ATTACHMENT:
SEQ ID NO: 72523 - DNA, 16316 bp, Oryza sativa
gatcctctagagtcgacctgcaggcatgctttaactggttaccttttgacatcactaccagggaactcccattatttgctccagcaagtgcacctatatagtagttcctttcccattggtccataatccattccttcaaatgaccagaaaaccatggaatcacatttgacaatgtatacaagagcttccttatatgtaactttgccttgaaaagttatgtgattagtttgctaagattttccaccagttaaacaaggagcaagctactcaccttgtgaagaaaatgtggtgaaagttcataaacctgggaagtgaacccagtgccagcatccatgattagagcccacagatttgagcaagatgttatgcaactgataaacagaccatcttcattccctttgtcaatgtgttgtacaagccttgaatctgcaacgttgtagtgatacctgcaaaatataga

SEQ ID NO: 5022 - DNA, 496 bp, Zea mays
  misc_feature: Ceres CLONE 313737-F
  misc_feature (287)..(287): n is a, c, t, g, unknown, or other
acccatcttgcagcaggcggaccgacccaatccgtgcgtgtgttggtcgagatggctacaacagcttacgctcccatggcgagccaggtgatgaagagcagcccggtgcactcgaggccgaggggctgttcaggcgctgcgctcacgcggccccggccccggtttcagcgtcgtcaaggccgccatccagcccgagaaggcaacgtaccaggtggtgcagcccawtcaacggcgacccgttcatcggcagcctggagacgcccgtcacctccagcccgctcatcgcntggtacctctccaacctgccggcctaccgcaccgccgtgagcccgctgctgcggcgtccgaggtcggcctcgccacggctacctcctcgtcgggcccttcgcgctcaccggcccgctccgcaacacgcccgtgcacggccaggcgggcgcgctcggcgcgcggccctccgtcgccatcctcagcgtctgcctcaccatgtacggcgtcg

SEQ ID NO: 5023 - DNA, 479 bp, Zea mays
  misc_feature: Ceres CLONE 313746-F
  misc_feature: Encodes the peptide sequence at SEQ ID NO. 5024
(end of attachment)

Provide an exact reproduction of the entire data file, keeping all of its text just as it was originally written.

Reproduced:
SEQ ID NO: 72523 - DNA, 16316 bp, Oryza sativa
gatcctctagagtcgacctgcaggcatgctttaactggttaccttttgacatcactaccagggaactcccattatttgctccagcaagtgcacctatatagtagttcctttcccattggtccataatccattccttcaaatgaccagaaaaccatggaatcacatttgacaatgtatacaagagcttccttatatgtaactttgccttgaaaagttatgtgattagtttgctaagattttccaccagttaaacaaggagcaagctactcaccttgtgaagaaaatgtggtgaaagttcataaacctgggaagtgaacccagtgccagcatccatgattagagcccacagatttgagcaagatgttatgcaactgataaacagaccatcttcattccctttgtcaatgtgttgtacaagccttgaatctgcaacgttgtagtgatacctgcaaaatataga

SEQ ID NO: 5022 - DNA, 496 bp, Zea mays
  misc_feature: Ceres CLONE 313737-F
  misc_feature (287)..(287): n is a, c, t, g, unknown, or other
acccatcttgcagcaggcggaccgacccaatccgtgcgtgtgttggtcgagatggctacaacagcttacgctcccatggcgagccaggtgatgaagagcagcccggtgcactcgaggccgaggggctgttcaggcgctgcgctcacgcggccccggccccggtttcagcgtcgtcaaggccgccatccagcccgagaaggcaacgtaccaggtggtgcagcccawtcaacggcgacccgttcatcggcagcctggagacgcccgtcacctccagcccgctcatcgcntggtacctctccaacctgccggcctaccgcaccgccgtgagcccgctgctgcggcgtccgaggtcggcctcgccacggctacctcctcgtcgggcccttcgcgctcaccggcccgctccgcaacacgcccgtgcacggccaggcgggcgcgctcggcgcgcggccctccgtcgccatcctcagcgtctgcctcaccatgtacggcgtcg

SEQ ID NO: 5023 - DNA, 479 bp, Zea mays
  misc_feature: Ceres CLONE 313746-F
  misc_feature: Encodes the peptide sequence at SEQ ID NO. 5024